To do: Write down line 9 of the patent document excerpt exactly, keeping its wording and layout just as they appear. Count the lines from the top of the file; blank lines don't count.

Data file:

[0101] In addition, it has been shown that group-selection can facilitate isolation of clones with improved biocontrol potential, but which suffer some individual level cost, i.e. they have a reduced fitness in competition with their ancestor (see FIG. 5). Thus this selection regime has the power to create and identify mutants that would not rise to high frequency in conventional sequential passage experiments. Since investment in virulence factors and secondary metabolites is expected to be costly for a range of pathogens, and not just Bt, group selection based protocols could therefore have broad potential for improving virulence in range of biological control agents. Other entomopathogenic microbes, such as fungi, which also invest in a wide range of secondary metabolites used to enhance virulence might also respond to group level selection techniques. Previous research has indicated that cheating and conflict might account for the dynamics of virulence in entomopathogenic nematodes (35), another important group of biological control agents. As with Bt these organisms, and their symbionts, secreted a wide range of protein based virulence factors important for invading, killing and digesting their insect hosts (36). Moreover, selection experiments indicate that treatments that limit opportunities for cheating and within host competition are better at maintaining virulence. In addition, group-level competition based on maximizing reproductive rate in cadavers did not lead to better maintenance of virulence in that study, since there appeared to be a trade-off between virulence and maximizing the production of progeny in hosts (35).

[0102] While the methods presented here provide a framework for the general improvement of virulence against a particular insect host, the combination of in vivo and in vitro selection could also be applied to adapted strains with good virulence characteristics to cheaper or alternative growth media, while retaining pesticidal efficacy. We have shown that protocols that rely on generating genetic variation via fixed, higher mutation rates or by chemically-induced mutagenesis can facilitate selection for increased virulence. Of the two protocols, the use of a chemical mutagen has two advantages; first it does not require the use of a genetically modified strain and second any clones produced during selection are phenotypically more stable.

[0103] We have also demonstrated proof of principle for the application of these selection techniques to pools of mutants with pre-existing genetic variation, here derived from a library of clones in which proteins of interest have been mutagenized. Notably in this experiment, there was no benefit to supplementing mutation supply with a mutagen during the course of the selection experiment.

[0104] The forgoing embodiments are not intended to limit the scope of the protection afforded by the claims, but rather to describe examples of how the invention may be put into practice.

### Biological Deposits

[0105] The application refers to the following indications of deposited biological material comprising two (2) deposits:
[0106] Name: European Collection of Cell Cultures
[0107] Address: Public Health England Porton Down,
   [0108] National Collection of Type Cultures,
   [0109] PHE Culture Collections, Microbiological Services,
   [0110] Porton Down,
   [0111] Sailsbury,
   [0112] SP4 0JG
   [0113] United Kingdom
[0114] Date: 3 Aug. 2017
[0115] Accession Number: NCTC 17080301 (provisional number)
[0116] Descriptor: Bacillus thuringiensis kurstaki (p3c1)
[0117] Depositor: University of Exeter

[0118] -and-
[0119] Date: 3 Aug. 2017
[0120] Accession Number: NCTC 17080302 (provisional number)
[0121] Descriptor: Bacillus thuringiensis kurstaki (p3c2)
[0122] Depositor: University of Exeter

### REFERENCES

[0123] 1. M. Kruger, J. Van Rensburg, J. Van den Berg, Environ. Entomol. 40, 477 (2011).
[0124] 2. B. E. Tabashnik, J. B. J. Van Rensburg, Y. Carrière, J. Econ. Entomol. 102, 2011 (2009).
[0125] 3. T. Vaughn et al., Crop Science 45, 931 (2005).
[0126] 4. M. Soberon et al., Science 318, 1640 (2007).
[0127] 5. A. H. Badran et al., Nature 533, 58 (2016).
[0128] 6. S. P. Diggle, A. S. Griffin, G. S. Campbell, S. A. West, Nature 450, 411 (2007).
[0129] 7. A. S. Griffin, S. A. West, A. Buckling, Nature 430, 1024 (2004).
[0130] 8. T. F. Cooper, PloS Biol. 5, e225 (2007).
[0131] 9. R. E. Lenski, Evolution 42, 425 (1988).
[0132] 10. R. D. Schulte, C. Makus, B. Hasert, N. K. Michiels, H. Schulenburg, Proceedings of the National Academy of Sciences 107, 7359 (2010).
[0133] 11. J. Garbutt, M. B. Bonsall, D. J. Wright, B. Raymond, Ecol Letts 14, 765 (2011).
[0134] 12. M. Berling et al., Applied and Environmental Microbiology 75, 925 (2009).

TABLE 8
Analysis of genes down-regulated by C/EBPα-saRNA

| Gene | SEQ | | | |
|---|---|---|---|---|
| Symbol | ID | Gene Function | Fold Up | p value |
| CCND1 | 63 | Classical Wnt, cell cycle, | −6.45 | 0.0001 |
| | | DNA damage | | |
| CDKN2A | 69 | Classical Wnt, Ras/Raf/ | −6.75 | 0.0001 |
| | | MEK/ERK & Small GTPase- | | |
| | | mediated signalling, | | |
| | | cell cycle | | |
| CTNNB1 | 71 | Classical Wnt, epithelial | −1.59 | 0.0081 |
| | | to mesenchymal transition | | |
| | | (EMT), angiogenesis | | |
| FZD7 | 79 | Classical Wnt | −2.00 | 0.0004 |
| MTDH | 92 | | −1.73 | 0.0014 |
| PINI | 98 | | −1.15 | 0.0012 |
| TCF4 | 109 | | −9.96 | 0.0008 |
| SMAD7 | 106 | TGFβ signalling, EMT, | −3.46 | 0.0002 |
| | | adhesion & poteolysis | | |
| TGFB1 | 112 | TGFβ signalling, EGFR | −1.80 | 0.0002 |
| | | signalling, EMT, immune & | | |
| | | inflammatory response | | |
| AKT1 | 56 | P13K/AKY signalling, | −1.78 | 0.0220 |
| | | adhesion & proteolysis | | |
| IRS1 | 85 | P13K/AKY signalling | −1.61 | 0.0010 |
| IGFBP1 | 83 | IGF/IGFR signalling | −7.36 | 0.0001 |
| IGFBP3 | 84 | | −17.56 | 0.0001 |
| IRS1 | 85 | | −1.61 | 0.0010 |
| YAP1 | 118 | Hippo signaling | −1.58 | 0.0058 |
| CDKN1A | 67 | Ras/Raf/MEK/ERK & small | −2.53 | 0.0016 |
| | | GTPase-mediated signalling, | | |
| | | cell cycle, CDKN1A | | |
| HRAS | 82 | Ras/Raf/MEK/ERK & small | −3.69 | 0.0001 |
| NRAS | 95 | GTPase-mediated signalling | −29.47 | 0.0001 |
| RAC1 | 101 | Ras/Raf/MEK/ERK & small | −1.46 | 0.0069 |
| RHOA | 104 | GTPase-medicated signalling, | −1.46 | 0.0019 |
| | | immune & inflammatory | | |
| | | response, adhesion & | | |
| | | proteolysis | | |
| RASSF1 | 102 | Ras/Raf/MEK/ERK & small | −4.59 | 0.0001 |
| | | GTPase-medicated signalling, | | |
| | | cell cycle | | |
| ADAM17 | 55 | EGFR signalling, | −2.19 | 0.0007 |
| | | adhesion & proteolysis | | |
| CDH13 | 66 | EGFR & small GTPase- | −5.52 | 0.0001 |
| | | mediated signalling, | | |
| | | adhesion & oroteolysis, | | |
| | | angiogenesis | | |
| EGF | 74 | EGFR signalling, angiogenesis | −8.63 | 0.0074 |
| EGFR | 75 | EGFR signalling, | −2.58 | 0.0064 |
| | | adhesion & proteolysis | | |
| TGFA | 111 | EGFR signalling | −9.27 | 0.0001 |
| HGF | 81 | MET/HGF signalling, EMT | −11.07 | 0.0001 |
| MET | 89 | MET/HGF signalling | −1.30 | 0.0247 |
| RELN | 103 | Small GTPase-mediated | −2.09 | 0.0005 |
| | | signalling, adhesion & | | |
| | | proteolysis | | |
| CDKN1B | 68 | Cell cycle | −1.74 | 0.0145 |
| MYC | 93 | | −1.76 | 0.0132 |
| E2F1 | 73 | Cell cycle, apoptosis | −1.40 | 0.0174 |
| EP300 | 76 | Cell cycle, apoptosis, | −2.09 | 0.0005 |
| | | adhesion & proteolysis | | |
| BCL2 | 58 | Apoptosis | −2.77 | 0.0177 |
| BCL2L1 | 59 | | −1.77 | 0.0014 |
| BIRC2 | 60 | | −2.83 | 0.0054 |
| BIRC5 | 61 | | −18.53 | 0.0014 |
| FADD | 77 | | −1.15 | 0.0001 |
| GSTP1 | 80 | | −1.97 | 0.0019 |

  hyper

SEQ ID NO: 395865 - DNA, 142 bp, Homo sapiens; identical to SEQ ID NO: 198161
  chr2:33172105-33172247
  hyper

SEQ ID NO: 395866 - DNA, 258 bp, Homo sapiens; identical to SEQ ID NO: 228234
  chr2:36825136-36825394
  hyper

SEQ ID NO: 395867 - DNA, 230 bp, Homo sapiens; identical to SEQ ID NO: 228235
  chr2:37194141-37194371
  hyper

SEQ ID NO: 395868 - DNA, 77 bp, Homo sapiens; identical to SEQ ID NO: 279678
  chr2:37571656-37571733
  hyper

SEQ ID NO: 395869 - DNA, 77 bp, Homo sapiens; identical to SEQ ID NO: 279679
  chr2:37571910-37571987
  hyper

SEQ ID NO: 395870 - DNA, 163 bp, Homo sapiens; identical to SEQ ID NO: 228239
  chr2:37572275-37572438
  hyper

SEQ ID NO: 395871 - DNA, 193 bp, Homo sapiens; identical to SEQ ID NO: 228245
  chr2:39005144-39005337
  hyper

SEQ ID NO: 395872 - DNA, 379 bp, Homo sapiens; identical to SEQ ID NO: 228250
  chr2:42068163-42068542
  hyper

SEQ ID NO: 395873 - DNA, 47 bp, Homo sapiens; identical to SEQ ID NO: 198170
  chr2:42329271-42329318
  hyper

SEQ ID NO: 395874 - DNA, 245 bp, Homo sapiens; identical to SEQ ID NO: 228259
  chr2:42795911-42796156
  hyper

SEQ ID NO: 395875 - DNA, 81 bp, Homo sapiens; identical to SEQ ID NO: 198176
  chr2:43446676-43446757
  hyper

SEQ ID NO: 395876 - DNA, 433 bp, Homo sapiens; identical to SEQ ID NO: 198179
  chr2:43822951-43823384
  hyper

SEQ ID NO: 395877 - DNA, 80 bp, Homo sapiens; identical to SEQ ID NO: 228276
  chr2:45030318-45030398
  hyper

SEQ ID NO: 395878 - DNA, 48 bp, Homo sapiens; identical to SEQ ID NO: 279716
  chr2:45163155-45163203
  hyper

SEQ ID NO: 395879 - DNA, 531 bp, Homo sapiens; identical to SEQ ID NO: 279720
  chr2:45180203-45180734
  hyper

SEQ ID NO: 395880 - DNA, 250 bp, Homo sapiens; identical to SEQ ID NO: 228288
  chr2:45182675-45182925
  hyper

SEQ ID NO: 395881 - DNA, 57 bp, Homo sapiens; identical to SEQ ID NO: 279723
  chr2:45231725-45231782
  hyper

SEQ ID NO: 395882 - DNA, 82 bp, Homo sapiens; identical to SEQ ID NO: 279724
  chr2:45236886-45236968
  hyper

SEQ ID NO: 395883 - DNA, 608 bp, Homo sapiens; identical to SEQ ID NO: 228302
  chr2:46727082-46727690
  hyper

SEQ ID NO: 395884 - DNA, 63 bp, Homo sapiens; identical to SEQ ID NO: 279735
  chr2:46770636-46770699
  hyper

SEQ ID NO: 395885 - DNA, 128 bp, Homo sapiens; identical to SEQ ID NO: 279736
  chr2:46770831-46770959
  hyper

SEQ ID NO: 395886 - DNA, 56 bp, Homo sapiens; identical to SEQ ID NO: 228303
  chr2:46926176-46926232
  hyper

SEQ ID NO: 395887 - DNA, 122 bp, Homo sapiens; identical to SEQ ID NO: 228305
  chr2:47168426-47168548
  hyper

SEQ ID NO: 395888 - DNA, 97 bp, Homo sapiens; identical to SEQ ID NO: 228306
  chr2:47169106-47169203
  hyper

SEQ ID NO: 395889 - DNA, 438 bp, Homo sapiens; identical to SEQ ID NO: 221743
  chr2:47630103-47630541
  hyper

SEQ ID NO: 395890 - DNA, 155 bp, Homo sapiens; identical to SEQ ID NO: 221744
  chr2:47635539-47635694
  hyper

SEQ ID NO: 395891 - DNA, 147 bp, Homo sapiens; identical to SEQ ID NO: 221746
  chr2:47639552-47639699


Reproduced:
   [0108] National Collection of Type Cultures,